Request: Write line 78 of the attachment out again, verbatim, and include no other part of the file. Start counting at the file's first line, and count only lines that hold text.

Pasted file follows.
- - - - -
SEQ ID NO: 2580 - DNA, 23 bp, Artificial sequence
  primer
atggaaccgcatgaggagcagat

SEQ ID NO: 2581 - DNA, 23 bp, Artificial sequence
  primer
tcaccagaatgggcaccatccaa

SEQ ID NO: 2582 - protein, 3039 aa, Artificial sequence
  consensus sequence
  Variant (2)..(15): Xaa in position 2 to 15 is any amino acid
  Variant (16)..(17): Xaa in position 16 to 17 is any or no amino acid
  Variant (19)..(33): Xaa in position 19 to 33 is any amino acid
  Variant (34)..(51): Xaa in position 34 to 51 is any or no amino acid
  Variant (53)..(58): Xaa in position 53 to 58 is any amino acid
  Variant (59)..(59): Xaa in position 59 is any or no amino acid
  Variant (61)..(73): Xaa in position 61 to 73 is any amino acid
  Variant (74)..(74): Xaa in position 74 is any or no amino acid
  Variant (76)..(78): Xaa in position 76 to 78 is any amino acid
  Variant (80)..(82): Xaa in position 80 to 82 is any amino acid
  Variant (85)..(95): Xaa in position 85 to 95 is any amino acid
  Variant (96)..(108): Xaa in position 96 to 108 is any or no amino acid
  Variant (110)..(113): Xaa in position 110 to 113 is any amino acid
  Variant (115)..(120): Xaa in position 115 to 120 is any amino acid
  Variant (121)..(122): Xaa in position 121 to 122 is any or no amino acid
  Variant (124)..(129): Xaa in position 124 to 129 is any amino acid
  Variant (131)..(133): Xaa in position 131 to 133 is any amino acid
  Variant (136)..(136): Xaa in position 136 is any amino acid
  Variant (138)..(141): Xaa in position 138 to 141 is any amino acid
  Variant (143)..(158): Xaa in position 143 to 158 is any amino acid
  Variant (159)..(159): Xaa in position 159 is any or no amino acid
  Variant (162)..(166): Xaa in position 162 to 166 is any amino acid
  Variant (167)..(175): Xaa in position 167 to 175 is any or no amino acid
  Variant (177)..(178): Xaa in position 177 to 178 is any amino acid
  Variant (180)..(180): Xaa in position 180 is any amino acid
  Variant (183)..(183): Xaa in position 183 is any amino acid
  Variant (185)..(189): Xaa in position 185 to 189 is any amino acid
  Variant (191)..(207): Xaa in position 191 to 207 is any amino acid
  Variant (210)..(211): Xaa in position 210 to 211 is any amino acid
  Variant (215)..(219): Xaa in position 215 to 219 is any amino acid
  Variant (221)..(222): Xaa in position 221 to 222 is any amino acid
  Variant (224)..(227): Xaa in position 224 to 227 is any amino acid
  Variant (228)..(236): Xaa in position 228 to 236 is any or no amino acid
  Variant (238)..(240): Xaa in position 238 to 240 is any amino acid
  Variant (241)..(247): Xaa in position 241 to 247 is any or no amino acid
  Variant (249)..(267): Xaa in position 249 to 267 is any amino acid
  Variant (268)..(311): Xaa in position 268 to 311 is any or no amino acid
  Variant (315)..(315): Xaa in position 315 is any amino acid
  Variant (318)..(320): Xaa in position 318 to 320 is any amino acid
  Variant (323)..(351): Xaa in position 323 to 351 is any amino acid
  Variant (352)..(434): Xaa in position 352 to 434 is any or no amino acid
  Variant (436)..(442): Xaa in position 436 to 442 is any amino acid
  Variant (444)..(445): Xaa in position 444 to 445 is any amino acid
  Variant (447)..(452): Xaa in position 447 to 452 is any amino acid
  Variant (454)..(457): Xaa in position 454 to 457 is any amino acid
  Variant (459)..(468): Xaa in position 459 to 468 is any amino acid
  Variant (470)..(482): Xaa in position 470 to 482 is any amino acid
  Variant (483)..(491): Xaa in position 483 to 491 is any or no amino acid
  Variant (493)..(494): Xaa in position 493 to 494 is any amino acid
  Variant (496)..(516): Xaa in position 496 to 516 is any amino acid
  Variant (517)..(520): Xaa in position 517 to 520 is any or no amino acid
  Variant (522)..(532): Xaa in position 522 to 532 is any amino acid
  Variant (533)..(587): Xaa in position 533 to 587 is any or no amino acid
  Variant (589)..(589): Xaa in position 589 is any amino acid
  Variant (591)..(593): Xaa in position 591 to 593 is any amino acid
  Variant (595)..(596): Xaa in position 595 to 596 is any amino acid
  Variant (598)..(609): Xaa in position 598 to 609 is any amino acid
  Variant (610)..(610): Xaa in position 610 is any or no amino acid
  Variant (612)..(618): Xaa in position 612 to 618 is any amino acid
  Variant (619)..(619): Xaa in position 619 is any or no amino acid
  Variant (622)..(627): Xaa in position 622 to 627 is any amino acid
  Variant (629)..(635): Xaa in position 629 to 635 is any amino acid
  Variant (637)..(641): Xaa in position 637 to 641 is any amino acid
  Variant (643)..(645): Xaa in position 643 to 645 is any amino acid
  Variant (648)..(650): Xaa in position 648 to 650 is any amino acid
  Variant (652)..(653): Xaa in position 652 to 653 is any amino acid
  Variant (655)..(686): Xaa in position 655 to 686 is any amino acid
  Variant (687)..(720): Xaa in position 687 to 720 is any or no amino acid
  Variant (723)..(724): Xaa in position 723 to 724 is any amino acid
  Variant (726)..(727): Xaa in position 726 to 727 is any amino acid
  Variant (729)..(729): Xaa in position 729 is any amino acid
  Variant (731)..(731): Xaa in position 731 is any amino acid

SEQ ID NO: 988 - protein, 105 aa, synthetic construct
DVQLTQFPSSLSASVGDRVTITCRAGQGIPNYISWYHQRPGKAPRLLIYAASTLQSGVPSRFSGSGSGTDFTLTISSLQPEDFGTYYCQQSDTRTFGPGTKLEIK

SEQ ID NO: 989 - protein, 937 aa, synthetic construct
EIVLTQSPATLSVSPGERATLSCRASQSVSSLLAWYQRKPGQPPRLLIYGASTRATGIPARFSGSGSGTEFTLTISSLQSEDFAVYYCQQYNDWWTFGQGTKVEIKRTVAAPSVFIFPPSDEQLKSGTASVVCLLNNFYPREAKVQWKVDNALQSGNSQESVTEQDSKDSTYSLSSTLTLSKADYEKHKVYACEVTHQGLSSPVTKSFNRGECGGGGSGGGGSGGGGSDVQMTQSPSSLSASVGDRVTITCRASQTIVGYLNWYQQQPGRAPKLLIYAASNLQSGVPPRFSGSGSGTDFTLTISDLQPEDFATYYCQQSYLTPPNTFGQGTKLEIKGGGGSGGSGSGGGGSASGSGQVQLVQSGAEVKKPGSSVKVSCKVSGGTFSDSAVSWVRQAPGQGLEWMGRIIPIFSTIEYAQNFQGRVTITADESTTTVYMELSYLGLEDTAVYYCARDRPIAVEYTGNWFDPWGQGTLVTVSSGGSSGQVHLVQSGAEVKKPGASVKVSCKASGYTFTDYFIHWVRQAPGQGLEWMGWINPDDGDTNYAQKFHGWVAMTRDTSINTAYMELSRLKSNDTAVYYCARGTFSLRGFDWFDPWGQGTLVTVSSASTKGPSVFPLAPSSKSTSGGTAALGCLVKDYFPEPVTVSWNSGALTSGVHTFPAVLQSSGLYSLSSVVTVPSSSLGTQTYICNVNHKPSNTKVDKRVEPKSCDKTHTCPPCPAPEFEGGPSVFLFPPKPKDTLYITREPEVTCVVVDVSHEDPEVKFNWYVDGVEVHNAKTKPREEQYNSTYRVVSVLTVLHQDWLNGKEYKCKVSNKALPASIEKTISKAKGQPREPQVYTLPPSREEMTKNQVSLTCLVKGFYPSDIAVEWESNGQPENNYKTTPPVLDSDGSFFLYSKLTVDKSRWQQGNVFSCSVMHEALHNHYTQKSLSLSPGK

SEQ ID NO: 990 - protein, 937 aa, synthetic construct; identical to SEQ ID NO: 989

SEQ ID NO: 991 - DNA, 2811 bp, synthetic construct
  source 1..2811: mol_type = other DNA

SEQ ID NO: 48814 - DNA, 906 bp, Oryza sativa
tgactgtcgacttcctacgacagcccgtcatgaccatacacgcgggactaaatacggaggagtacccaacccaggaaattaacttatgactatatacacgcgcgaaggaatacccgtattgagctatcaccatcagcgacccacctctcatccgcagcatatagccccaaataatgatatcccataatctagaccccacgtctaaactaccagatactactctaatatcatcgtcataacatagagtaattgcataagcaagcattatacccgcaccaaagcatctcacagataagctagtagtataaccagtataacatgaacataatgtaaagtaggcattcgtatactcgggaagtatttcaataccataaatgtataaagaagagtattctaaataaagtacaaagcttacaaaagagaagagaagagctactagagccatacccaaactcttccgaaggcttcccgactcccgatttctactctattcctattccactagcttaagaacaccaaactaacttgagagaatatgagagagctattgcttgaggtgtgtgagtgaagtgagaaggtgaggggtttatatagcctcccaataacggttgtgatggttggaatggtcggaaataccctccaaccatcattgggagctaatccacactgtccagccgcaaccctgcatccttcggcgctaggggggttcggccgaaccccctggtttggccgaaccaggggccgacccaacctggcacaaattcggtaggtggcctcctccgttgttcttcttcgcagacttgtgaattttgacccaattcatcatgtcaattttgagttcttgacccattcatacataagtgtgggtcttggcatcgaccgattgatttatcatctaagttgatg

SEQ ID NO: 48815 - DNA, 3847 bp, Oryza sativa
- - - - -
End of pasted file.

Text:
  Variant (726)..(727): Xaa in position 726 to 727 is any amino acid